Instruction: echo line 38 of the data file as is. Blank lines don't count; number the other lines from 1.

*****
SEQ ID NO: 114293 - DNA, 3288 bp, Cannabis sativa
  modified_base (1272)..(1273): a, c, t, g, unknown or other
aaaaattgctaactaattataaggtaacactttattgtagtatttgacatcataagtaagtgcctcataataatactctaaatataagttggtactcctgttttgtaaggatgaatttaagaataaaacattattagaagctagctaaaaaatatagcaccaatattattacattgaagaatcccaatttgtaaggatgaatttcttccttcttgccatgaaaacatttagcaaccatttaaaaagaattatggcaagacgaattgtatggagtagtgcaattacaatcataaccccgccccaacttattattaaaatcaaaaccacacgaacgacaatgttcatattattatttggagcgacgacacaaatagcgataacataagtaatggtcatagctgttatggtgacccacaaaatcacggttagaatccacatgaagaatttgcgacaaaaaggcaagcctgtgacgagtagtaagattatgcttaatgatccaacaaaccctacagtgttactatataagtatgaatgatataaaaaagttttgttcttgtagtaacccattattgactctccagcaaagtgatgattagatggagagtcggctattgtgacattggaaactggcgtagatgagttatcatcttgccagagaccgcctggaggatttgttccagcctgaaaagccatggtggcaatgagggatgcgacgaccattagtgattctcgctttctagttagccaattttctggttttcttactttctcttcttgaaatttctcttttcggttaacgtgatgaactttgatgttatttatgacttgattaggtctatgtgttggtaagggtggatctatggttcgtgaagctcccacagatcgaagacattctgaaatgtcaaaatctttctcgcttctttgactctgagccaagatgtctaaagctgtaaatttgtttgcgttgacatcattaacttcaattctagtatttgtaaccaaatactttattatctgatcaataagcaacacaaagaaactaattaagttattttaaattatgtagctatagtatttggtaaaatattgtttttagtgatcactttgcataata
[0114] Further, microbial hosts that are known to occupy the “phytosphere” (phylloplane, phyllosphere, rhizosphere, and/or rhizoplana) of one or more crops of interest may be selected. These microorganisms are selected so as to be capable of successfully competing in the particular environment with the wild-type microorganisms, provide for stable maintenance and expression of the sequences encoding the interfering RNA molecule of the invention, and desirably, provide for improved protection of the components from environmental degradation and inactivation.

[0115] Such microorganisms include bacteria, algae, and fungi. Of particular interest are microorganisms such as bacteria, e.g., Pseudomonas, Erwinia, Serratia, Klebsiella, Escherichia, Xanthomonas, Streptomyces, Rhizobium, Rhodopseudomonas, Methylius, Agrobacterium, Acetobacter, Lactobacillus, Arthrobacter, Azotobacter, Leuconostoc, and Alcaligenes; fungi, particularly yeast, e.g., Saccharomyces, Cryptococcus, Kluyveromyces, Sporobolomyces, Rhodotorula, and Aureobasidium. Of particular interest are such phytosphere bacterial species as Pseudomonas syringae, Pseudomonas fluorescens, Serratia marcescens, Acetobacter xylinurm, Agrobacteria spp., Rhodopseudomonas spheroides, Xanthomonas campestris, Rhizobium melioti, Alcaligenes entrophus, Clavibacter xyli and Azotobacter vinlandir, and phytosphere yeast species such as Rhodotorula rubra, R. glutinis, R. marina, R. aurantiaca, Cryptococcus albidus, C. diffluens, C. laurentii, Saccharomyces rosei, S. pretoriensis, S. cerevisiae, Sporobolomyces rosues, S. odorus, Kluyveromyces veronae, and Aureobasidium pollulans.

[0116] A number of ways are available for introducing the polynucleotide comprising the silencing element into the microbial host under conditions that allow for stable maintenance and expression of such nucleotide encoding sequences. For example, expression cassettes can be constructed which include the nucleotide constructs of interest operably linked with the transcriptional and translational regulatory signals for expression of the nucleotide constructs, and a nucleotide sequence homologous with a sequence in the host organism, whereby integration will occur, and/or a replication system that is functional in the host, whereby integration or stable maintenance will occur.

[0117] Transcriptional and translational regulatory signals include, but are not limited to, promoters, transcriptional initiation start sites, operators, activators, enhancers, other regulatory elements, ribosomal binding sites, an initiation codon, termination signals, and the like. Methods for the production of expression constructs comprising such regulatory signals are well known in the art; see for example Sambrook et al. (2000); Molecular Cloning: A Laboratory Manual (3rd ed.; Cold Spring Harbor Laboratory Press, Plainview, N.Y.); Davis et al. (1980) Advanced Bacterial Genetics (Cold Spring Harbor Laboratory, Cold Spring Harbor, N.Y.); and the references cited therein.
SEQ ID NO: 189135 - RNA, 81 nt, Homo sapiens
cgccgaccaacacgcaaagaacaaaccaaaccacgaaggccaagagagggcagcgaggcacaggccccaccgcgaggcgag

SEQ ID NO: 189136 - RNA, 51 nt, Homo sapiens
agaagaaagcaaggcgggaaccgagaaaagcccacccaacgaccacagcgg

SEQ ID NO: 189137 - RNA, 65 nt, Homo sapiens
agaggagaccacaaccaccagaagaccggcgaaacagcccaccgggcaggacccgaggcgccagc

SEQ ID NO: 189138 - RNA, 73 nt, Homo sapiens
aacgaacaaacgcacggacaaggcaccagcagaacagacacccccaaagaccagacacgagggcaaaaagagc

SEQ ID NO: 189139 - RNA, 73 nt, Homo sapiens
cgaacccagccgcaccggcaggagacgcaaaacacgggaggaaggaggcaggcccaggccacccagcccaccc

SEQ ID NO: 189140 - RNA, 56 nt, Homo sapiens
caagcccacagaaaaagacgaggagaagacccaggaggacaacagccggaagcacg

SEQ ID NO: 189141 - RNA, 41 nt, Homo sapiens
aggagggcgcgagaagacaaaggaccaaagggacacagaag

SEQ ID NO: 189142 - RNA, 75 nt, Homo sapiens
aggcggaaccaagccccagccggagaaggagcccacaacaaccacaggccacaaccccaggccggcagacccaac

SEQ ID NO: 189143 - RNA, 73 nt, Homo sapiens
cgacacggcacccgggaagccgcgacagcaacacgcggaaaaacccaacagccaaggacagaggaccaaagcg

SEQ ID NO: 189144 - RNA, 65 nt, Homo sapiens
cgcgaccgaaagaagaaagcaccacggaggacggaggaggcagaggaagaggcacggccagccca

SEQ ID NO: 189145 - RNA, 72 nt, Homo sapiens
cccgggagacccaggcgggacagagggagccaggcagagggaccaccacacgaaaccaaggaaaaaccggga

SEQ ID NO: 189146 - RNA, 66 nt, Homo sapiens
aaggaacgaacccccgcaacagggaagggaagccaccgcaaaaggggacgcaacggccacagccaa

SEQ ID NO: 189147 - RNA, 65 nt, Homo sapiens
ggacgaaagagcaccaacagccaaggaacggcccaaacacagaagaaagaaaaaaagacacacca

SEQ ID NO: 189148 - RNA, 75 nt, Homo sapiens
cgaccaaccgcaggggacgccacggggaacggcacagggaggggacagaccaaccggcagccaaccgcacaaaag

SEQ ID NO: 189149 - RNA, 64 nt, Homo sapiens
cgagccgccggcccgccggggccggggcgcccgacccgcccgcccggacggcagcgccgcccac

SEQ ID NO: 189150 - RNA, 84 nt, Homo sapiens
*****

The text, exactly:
SEQ ID NO: 189150 - RNA, 84 nt, Homo sapiens